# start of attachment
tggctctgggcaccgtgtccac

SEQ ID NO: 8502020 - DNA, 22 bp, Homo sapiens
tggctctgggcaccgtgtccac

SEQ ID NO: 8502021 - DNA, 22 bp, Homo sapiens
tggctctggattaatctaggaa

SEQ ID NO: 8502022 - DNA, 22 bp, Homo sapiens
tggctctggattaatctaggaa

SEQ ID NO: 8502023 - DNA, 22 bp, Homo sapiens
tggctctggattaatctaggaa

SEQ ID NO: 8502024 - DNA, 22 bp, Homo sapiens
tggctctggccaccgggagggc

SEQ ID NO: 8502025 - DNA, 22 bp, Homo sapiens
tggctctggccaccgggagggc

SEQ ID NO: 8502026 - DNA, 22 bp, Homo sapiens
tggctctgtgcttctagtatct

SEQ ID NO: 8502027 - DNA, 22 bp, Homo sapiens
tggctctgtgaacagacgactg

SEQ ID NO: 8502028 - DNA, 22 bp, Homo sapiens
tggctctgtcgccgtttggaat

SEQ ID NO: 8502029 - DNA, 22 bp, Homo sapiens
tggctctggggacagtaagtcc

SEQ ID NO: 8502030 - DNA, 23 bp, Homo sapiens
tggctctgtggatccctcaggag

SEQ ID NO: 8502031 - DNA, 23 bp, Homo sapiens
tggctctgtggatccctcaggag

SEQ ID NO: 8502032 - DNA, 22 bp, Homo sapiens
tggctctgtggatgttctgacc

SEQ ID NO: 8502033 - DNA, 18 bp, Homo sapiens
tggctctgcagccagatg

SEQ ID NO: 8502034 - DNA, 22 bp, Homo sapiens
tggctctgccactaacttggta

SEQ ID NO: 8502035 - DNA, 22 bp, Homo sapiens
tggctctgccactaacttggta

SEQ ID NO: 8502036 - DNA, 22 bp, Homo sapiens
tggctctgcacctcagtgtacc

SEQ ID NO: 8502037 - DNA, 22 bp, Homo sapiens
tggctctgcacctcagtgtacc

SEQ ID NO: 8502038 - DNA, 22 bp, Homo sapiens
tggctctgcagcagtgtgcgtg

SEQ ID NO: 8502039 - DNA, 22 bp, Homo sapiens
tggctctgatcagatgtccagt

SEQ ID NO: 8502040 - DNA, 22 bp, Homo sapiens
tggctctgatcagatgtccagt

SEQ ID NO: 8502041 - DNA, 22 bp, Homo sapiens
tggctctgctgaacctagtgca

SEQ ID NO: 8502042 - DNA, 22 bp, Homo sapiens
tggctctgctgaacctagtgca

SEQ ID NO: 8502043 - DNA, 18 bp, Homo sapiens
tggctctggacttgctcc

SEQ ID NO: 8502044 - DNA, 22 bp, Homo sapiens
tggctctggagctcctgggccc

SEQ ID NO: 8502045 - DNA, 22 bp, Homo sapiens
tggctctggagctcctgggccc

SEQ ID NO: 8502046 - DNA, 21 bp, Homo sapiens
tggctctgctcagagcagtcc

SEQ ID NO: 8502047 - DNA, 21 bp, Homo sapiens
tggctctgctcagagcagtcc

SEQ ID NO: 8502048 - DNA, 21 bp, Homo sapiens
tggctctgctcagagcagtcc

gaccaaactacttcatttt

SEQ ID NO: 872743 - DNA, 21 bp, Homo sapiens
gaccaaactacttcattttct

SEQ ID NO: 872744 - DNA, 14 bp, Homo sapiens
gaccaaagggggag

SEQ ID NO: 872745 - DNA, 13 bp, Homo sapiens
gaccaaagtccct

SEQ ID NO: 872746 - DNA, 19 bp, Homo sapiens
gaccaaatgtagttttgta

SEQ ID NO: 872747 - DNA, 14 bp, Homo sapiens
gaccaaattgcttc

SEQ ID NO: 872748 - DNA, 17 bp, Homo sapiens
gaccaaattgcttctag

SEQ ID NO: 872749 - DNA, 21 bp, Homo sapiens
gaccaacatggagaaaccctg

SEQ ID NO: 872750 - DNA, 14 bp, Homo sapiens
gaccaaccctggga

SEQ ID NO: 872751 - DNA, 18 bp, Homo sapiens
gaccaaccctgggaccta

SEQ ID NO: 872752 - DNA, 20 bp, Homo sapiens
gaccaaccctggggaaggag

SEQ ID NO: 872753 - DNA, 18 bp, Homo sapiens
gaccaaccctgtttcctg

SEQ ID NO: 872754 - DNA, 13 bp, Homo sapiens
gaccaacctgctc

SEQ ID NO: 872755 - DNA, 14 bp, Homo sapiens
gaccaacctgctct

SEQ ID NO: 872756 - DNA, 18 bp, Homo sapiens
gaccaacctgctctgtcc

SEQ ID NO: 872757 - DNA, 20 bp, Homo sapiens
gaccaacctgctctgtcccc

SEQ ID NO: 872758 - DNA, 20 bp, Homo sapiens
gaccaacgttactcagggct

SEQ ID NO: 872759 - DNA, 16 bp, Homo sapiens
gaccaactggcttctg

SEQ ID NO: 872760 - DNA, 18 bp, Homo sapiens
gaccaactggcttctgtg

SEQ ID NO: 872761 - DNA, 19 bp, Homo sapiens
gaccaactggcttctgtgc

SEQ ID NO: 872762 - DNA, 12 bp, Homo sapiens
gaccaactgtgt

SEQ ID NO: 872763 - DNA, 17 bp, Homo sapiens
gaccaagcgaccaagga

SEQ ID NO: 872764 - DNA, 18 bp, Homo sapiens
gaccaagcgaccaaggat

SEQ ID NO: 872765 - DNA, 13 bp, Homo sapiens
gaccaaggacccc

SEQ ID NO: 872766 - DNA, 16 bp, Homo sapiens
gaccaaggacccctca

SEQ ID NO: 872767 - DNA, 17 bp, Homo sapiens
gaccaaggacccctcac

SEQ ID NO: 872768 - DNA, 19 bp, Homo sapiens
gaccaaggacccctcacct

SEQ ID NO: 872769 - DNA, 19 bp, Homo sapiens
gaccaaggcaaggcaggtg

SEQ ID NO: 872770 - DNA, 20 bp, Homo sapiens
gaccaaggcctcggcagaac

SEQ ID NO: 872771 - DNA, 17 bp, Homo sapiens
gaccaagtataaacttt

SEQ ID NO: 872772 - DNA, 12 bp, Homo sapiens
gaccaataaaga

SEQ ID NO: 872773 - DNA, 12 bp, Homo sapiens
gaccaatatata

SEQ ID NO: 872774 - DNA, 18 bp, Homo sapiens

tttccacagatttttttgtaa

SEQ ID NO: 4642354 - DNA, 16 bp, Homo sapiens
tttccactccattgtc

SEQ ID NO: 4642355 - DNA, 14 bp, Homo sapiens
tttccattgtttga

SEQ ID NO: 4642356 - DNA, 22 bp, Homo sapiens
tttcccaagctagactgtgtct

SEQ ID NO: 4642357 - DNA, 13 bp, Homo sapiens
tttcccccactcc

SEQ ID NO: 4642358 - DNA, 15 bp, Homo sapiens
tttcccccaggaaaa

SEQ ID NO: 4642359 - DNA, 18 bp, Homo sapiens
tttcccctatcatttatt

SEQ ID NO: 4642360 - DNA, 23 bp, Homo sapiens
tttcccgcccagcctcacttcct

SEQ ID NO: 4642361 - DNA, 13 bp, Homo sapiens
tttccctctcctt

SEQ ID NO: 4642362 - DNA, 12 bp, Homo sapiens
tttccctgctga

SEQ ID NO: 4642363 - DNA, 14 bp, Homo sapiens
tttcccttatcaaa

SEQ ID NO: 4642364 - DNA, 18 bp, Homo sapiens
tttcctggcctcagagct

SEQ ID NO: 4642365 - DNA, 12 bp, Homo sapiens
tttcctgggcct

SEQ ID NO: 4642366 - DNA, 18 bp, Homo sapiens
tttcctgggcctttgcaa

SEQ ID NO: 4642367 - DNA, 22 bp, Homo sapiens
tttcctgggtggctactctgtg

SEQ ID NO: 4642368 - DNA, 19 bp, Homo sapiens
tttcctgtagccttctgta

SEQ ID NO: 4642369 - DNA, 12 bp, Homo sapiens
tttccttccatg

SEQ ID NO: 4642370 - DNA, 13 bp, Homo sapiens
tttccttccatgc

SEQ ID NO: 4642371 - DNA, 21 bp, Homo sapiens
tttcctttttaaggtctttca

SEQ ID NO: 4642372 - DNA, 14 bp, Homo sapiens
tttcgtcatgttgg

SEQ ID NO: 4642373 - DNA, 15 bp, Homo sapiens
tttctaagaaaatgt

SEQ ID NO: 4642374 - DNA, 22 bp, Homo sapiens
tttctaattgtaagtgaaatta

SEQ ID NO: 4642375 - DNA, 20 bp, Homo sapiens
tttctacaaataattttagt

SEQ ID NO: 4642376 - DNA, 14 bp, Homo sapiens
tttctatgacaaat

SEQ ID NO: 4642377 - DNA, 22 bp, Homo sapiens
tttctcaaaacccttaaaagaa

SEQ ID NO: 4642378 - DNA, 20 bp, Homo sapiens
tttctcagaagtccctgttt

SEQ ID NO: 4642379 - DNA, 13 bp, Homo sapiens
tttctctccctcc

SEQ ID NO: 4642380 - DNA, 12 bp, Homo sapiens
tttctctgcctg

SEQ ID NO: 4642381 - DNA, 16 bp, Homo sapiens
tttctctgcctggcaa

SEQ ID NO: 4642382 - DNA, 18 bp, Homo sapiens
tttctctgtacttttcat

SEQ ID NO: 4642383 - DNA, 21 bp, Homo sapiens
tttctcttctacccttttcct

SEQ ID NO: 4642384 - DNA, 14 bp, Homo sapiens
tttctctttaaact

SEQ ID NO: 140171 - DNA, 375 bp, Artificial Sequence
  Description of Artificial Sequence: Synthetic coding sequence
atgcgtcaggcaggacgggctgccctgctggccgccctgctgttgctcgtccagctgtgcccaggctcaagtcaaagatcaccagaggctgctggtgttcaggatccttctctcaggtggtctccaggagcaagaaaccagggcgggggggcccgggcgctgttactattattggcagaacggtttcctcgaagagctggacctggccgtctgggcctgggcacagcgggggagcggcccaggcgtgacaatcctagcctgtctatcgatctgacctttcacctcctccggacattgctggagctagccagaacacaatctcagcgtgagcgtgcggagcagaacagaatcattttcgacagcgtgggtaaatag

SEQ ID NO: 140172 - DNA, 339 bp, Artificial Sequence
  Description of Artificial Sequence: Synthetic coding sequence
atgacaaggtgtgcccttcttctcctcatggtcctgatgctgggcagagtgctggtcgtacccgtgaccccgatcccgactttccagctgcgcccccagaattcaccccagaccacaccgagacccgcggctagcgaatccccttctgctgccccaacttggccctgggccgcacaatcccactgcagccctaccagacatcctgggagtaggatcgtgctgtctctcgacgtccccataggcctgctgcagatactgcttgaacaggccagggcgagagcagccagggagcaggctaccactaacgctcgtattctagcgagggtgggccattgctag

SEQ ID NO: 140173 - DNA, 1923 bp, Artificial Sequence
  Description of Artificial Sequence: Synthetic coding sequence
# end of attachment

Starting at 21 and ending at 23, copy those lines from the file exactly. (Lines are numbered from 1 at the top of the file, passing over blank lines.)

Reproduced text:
tggctctggggacagtaagtcc

SEQ ID NO: 8502030 - DNA, 23 bp, Homo sapiens
tggctctgtggatccctcaggag